At the annual GMP by the Sea event in Tampa this week, Mary Malarkey, Director of CBER’s Office of Compliance and Biologics Quality, updated the audience on her office’s current preoccupations and pursuits. She covered several key topics:
- Sterility Testing Proposed Rule 21 CFR 610.12: The new rule, Malarkey noted, would eliminate the need to submit supplements under 21 CFR 610.9 for alternate sterility test methods. The objectives of the new rule are to improve innovation and flexibility for manufacturers. It would eliminate the requirement for sterility testing of most bulk material, and instead generally require sterility testing of each lot of each biological product’s final container material.
- Guidance Update: Malarkey discussed the following guidance documents of note: “Guidance for Industry: Potency Tests for Cellular and Gene Therapy Products,” issued January 2011;“Guidance for Industry on Process Validation; General Principles and Practices,” issued January 2011; Continued implementation of the guidance for submission of BLAs for cord blood, with October 2011 as end of two-year period for submission of BLAs and/or INDs; and Final Guidance for cord blood INDs, issued on July 29, 2011.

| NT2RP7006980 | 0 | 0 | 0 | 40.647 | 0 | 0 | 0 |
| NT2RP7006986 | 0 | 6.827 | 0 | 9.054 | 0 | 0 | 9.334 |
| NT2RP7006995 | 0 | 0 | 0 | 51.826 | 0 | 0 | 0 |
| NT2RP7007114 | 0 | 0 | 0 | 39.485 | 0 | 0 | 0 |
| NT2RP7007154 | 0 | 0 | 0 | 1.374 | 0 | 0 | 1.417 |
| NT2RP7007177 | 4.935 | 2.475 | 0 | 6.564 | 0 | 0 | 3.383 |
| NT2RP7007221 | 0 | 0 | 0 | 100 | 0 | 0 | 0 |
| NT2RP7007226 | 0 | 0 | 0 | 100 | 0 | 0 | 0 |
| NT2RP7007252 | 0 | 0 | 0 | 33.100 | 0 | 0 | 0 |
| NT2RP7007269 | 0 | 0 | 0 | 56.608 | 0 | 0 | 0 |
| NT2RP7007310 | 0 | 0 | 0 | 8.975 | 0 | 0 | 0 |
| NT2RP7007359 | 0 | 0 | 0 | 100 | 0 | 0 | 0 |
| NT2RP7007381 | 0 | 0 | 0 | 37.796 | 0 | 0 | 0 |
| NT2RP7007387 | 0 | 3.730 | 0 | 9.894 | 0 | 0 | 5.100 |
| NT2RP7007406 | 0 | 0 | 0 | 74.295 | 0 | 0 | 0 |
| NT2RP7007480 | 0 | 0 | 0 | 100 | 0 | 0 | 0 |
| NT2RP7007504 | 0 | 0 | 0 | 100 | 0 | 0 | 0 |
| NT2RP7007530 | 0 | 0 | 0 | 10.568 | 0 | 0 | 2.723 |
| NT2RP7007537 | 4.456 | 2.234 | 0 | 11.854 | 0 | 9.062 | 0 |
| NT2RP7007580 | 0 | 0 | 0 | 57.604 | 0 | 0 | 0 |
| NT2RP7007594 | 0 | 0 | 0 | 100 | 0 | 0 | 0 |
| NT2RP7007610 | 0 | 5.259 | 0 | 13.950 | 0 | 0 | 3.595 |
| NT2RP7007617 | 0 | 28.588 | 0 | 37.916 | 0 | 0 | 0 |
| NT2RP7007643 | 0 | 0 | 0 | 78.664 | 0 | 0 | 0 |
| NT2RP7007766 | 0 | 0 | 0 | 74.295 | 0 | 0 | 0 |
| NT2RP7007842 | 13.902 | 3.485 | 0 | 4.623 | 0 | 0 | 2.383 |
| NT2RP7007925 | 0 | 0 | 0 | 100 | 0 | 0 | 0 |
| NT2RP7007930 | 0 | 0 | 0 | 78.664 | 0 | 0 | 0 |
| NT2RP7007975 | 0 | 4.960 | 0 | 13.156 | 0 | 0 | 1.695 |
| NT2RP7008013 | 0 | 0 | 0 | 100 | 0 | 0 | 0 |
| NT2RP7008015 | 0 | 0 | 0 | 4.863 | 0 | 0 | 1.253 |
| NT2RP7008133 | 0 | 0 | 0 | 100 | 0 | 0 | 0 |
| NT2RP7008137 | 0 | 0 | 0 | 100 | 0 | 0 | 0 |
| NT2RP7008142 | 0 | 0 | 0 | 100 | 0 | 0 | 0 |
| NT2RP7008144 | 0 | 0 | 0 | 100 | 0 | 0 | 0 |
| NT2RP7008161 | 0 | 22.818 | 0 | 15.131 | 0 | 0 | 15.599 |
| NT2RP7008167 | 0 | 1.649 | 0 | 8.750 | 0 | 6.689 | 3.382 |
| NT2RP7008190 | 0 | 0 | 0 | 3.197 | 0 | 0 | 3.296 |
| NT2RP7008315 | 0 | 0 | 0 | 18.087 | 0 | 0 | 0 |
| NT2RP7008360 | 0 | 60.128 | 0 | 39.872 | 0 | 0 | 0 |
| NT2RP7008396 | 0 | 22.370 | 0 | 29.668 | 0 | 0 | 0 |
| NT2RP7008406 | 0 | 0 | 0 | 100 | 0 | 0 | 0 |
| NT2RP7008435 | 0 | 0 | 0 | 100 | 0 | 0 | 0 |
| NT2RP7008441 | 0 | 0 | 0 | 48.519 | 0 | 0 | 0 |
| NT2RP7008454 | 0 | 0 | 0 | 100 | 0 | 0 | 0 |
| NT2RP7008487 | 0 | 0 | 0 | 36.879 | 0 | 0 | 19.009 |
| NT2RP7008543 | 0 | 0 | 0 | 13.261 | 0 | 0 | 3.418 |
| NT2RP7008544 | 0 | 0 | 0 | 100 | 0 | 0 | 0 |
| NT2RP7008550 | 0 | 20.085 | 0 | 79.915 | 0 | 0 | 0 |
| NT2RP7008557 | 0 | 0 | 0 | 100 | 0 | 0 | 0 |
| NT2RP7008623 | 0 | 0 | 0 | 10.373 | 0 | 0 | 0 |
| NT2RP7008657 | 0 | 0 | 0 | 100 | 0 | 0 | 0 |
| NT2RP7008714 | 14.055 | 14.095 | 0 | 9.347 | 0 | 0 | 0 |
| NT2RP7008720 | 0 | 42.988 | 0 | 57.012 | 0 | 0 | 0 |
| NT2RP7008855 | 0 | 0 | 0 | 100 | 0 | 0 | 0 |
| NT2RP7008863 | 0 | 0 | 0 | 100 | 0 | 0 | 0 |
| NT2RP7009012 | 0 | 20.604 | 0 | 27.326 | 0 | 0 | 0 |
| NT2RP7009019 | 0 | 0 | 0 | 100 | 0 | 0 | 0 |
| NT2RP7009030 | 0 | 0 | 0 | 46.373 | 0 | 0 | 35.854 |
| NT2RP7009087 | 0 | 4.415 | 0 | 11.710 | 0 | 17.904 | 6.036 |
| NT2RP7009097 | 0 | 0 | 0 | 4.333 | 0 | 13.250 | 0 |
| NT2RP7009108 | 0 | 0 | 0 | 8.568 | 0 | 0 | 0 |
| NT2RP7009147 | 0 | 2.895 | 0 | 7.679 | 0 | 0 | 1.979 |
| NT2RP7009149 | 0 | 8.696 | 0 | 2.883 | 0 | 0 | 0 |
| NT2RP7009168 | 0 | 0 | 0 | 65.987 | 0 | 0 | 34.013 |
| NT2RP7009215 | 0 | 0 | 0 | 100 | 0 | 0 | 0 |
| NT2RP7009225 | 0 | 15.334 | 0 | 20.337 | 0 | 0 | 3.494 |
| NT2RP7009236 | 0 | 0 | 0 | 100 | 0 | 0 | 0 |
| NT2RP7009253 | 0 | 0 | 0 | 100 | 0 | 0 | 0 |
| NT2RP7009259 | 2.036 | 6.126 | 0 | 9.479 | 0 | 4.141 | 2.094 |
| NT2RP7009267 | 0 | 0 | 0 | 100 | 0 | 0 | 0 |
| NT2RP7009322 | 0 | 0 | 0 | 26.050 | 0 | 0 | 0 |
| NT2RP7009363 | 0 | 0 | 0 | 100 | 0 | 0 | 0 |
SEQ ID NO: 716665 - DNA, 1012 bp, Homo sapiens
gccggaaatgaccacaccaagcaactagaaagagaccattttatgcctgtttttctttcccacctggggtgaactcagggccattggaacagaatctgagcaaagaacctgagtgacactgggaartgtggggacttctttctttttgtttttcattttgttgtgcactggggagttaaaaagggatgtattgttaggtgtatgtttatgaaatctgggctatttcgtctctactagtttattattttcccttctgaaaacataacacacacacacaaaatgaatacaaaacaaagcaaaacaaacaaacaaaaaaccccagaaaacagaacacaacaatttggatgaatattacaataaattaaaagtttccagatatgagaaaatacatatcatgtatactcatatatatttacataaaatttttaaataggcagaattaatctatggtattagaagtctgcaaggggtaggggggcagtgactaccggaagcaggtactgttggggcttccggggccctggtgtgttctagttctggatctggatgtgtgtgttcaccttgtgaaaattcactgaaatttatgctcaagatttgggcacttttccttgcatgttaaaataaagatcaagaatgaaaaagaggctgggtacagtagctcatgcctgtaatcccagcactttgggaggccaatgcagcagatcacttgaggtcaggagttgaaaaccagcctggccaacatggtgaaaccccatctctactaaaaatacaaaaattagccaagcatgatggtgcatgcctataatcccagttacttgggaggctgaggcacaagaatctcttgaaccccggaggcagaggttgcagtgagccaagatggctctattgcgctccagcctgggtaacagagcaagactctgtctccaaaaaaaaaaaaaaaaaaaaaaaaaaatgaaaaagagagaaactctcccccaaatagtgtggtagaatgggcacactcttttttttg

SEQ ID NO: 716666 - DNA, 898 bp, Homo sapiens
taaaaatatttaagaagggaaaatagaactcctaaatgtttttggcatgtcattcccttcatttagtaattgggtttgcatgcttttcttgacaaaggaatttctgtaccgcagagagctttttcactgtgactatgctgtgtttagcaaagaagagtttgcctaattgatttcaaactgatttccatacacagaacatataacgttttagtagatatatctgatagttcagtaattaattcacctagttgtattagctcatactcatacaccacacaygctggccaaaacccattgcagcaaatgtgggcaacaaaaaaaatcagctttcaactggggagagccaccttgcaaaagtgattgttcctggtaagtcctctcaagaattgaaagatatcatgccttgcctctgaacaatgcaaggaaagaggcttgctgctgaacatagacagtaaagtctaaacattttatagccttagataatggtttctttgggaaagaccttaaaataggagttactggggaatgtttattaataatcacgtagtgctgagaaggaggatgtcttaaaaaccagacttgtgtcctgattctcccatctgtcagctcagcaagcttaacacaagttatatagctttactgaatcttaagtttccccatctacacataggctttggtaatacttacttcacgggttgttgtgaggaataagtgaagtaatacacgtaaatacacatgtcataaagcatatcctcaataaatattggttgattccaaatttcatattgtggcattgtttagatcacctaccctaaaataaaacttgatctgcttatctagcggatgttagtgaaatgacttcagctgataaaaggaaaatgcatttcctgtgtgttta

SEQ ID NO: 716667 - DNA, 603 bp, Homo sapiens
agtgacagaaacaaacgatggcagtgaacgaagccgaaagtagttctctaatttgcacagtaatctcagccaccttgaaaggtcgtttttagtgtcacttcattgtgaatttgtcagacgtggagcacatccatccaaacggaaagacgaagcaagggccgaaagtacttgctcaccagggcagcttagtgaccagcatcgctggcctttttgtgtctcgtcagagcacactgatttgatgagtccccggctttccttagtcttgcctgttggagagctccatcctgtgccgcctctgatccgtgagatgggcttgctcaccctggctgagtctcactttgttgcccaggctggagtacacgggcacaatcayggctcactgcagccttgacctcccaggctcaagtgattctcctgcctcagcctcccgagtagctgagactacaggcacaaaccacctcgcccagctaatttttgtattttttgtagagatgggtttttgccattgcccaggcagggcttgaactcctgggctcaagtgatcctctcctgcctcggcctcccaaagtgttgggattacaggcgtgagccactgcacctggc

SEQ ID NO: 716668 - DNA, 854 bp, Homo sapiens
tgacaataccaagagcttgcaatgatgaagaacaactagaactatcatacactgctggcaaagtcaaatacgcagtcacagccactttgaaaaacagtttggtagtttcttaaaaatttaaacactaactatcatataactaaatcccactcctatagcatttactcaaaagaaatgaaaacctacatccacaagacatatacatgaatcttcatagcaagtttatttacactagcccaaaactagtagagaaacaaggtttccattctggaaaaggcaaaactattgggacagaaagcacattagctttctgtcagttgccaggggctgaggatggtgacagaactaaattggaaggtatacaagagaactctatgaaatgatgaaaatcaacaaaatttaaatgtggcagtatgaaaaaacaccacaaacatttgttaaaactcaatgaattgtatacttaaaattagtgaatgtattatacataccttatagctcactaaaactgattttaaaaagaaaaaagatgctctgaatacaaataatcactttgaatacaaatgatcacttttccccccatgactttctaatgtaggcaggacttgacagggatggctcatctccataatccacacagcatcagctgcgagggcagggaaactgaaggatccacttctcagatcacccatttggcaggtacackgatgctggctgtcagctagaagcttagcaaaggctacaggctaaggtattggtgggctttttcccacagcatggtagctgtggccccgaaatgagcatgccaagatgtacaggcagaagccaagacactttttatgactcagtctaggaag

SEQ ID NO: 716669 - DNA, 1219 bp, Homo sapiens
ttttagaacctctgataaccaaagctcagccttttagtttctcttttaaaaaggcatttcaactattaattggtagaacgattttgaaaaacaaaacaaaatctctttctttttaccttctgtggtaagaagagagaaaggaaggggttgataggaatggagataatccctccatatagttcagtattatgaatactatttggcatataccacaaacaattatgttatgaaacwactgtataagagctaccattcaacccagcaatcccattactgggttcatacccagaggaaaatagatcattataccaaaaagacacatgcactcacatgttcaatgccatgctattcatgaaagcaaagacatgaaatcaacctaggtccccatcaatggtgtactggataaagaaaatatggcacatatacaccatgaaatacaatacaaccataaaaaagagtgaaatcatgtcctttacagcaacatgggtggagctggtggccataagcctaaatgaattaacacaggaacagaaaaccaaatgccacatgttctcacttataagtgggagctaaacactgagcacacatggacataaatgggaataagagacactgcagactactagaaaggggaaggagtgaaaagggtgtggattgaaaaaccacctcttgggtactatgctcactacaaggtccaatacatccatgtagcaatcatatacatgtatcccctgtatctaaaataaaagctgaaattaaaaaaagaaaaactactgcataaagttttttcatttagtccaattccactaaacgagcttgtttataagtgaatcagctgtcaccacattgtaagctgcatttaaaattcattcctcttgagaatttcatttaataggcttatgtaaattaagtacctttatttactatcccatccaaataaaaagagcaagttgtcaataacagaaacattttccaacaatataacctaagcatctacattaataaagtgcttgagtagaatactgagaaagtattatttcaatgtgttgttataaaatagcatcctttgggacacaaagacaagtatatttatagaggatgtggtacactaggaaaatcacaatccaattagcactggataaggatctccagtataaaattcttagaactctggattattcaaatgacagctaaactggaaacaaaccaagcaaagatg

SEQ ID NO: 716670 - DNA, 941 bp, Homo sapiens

- Rapid Microbiological Methods: Malarkey made note of the fact that CBER’s own Laboratory Quality System has been accredited (for 13 testing methods) under ISO/IEC 17025 standards. A key reason for the accreditation was to ensure that CBER is up to date with alternate and rapid microbiological methods that the industry is using, and that FDA must also use these methods to, for example, accelerate product screening during pandemics.
- Electronic Gateway Expansion: CBER developed an Electronic Gateway for submission of H1N1 lot release protocols, and worked with the individual manufacturers to further expedite the lot release process. It is now expanding this program into other areas.
- Bioresearch Monitoring. The thrust of Malarkey’s comments related to CBER’s stepped up random surveillance of clinical trial facilities, to better ensure the safe and ethical treatment of patients. Surveillance activities will focus on those facilities with high concentrations of at-risk patients (i.e., children and the elderly).